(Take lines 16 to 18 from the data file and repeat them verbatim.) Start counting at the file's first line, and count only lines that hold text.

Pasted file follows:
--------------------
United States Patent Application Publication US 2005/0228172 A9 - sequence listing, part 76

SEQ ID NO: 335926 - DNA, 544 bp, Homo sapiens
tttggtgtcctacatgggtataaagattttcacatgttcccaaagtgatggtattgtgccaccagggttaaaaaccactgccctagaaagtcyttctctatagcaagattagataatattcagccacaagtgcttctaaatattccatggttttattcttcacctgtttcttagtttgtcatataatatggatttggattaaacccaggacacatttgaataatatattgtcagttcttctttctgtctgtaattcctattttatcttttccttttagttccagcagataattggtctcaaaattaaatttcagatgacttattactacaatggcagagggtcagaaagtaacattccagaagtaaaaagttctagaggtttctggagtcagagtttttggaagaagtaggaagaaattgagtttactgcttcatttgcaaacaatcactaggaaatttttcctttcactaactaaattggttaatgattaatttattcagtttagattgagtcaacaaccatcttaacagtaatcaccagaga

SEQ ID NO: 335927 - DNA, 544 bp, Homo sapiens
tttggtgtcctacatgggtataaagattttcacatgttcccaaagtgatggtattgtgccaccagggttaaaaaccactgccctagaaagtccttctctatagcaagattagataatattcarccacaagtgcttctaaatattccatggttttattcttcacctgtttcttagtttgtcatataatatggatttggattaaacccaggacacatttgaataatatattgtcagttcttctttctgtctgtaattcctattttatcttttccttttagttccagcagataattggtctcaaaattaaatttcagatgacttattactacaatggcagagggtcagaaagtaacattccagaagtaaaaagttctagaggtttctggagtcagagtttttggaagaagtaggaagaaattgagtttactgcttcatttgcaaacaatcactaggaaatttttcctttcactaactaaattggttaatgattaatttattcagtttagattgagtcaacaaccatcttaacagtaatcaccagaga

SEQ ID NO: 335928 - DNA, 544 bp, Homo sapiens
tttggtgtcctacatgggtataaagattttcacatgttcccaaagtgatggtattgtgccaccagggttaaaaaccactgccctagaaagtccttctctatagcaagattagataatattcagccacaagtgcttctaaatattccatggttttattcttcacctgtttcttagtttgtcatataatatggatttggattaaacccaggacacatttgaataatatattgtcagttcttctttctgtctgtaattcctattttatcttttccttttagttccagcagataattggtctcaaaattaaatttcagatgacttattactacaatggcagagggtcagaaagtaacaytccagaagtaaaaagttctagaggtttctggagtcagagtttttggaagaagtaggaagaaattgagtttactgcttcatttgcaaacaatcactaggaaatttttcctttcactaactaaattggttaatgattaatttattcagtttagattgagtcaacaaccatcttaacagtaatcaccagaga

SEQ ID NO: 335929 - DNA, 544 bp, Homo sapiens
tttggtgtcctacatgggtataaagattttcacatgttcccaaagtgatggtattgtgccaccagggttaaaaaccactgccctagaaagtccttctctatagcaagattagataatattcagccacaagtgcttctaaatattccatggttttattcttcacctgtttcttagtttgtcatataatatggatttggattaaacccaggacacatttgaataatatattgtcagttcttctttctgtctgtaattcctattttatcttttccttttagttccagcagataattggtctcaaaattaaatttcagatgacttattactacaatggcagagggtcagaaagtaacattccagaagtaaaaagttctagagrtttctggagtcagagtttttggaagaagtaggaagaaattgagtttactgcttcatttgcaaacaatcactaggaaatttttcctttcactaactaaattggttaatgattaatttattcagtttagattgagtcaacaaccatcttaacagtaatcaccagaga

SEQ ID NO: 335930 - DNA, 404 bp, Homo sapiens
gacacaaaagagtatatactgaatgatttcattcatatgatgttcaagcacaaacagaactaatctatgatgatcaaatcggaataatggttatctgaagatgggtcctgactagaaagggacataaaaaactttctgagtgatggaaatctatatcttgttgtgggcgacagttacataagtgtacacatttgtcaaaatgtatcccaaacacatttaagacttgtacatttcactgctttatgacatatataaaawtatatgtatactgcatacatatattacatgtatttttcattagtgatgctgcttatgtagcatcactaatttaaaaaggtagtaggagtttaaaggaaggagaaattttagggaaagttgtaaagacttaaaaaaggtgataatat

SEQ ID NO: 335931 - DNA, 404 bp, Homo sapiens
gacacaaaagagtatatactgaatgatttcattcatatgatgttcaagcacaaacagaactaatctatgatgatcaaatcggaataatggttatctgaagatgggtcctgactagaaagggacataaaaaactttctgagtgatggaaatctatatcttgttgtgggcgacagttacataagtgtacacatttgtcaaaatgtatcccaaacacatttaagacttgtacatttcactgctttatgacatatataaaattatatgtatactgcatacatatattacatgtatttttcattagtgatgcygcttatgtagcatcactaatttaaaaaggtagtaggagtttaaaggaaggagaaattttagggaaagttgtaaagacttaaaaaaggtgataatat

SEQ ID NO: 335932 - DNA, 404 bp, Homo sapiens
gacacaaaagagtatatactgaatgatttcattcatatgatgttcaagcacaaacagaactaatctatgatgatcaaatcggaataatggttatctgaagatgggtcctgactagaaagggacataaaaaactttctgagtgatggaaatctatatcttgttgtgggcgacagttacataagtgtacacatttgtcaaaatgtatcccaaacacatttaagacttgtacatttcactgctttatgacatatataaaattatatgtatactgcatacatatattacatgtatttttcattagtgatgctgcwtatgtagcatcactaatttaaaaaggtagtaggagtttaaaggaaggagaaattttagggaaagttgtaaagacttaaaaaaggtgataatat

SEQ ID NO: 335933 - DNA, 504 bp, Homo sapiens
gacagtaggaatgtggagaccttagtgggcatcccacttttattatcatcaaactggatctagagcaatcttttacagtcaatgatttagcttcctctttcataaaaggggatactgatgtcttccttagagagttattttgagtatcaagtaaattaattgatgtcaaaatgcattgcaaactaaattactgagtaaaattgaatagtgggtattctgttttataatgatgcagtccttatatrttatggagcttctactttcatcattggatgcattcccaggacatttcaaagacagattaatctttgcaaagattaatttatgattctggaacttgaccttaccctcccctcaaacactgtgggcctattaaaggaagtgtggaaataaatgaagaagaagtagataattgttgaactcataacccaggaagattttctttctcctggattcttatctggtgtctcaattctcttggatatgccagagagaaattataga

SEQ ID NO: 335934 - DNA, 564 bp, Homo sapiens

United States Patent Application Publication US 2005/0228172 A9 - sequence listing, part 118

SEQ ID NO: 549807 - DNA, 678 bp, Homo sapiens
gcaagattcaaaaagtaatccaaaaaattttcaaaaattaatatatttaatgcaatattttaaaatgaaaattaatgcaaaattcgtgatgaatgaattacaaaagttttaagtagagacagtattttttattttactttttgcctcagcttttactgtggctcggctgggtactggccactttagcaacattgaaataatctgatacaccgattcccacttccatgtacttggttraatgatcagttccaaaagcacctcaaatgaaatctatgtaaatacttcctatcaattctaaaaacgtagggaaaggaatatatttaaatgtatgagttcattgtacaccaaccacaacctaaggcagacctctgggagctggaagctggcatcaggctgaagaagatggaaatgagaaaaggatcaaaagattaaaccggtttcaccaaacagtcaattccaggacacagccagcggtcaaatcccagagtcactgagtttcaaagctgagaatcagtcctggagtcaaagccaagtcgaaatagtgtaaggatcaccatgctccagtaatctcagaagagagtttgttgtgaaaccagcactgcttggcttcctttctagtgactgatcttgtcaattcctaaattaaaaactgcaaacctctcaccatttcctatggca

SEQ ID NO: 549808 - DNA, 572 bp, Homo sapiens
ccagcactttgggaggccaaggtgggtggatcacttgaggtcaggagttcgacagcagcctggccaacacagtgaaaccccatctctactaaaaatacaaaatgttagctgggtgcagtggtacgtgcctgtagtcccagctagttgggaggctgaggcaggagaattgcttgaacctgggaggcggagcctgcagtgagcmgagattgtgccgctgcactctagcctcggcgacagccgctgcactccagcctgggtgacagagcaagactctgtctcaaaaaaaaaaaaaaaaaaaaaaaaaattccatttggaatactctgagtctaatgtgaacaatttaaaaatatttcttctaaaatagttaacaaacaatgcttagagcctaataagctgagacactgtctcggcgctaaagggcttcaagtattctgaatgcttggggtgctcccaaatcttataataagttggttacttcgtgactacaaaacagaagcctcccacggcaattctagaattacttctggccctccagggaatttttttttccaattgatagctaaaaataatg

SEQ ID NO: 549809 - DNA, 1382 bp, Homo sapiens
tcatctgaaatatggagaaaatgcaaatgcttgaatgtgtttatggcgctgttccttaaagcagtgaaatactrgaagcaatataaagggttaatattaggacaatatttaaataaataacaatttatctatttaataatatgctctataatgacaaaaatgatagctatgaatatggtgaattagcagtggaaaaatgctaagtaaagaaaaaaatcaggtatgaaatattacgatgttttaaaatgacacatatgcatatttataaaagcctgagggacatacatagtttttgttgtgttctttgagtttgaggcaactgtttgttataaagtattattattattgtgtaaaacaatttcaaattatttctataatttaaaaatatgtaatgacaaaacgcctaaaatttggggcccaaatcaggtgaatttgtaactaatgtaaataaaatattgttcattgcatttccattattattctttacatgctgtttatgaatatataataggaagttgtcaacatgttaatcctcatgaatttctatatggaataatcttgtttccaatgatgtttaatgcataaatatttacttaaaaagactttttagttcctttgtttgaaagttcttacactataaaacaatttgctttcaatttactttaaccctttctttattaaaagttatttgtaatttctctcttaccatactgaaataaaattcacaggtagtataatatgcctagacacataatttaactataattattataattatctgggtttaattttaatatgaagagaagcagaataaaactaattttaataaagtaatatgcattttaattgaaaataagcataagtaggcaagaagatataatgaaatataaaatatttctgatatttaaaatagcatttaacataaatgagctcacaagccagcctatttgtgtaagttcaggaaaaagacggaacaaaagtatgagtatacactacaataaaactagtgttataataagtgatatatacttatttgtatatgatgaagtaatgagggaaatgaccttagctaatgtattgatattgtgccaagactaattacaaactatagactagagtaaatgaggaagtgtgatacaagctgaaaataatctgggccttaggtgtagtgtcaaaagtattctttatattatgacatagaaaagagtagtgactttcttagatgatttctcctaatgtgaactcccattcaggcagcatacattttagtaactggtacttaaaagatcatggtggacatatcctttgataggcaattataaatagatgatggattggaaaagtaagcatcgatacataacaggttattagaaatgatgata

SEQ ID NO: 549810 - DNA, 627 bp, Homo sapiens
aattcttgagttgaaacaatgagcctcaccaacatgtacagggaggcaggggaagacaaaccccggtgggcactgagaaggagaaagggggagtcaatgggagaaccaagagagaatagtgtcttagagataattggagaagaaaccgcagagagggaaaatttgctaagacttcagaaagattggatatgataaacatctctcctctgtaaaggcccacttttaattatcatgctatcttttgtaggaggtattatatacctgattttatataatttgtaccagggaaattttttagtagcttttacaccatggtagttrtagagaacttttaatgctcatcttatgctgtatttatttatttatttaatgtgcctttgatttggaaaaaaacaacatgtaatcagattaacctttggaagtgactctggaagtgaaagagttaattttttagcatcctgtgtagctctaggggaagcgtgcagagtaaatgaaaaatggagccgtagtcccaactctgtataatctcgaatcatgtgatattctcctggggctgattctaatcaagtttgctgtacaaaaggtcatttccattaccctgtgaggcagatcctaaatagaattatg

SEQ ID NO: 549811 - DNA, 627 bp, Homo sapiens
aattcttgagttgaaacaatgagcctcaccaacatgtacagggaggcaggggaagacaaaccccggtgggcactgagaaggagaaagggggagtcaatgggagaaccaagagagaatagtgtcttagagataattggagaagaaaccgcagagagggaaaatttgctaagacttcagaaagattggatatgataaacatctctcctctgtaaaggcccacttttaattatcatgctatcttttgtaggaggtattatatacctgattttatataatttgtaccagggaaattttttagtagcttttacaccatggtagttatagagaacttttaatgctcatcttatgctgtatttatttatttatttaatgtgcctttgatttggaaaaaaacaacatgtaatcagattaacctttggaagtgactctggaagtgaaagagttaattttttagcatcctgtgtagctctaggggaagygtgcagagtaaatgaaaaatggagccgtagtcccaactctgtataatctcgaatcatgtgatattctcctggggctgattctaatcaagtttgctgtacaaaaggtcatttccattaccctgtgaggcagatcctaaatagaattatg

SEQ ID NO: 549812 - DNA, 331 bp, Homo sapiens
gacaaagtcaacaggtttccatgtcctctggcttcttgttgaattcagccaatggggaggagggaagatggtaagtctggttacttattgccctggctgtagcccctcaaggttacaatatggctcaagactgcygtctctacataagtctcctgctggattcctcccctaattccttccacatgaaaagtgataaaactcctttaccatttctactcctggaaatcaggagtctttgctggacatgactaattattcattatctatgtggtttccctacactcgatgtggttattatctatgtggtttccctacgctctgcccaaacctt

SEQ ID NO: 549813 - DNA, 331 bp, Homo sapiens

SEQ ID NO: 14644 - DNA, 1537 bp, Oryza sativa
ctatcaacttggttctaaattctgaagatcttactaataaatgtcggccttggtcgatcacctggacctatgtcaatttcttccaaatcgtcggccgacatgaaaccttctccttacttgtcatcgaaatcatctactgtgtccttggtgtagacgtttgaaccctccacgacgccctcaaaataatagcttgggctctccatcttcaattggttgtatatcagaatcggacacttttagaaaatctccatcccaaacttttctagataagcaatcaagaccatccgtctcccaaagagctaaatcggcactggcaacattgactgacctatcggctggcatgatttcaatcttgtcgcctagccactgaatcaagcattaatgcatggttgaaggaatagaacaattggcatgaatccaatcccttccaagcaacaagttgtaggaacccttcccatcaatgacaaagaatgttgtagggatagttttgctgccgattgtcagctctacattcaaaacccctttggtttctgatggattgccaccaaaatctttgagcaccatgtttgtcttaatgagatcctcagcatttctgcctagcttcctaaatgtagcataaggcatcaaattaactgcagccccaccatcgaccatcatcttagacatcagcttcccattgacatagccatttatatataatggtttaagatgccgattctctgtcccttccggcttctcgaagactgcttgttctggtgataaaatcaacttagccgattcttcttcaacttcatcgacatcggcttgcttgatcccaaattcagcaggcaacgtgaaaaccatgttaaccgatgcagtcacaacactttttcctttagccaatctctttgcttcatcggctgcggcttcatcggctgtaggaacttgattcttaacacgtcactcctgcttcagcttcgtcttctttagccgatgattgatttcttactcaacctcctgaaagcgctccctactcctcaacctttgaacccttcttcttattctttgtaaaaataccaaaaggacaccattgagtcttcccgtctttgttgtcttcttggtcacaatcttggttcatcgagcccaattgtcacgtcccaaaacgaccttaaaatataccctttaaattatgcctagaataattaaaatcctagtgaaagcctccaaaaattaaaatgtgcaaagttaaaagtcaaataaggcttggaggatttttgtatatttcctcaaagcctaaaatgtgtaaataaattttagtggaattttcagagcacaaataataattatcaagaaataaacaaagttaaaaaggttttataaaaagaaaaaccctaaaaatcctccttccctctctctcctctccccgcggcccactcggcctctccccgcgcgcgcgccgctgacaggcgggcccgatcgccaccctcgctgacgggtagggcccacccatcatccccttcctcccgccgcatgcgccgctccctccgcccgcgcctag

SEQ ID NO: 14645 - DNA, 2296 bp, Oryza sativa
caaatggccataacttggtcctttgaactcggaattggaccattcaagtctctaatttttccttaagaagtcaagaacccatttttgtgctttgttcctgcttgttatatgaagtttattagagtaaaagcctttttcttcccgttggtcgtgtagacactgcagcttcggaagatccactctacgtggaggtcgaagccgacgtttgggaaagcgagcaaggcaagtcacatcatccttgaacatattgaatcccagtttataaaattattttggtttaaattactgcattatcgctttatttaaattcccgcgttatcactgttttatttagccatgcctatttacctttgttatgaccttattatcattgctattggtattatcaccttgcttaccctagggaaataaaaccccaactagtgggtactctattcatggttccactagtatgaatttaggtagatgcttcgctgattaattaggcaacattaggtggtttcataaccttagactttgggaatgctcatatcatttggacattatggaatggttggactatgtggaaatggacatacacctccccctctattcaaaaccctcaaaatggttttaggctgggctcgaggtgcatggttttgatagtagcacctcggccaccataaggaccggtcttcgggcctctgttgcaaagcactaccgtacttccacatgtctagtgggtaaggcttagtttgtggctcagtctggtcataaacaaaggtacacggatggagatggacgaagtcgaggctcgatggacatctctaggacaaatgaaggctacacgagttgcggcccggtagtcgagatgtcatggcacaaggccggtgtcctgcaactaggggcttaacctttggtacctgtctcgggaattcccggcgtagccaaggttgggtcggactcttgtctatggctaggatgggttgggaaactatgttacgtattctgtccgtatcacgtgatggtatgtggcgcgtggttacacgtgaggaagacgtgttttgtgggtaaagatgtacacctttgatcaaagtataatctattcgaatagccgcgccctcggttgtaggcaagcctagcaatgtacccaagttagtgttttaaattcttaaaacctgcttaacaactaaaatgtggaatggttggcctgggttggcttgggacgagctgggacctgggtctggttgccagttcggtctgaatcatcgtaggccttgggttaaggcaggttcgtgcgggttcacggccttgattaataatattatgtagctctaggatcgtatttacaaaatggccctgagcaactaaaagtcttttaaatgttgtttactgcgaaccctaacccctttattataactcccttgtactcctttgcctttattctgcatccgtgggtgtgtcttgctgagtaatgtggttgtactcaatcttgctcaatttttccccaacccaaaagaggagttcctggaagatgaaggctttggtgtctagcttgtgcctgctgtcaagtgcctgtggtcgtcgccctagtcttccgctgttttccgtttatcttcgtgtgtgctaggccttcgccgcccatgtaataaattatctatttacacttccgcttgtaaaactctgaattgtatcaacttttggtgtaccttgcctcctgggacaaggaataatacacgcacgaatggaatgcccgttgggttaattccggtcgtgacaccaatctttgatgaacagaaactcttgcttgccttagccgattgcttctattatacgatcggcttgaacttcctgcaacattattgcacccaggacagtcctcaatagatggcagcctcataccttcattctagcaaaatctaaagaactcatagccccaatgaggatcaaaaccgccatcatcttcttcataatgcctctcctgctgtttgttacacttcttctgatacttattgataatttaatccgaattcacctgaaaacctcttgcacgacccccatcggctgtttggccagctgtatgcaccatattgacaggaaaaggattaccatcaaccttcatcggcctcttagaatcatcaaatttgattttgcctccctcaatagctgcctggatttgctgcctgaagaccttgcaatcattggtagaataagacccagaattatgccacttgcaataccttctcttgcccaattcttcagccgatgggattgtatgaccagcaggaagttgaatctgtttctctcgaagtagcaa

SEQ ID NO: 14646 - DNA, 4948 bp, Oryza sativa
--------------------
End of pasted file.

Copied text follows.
SEQ ID NO: 335933 - DNA, 504 bp, Homo sapiens
gacagtaggaatgtggagaccttagtgggcatcccacttttattatcatcaaactggatctagagcaatcttttacagtcaatgatttagcttcctctttcataaaaggggatactgatgtcttccttagagagttattttgagtatcaagtaaattaattgatgtcaaaatgcattgcaaactaaattactgagtaaaattgaatagtgggtattctgttttataatgatgcagtccttatatrttatggagcttctactttcatcattggatgcattcccaggacatttcaaagacagattaatctttgcaaagattaatttatgattctggaacttgaccttaccctcccctcaaacactgtgggcctattaaaggaagtgtggaaataaatgaagaagaagtagataattgttgaactcataacccaggaagattttctttctcctggattcttatctggtgtctcaattctcttggatatgccagagagaaattataga

SEQ ID NO: 335934 - DNA, 564 bp, Homo sapiens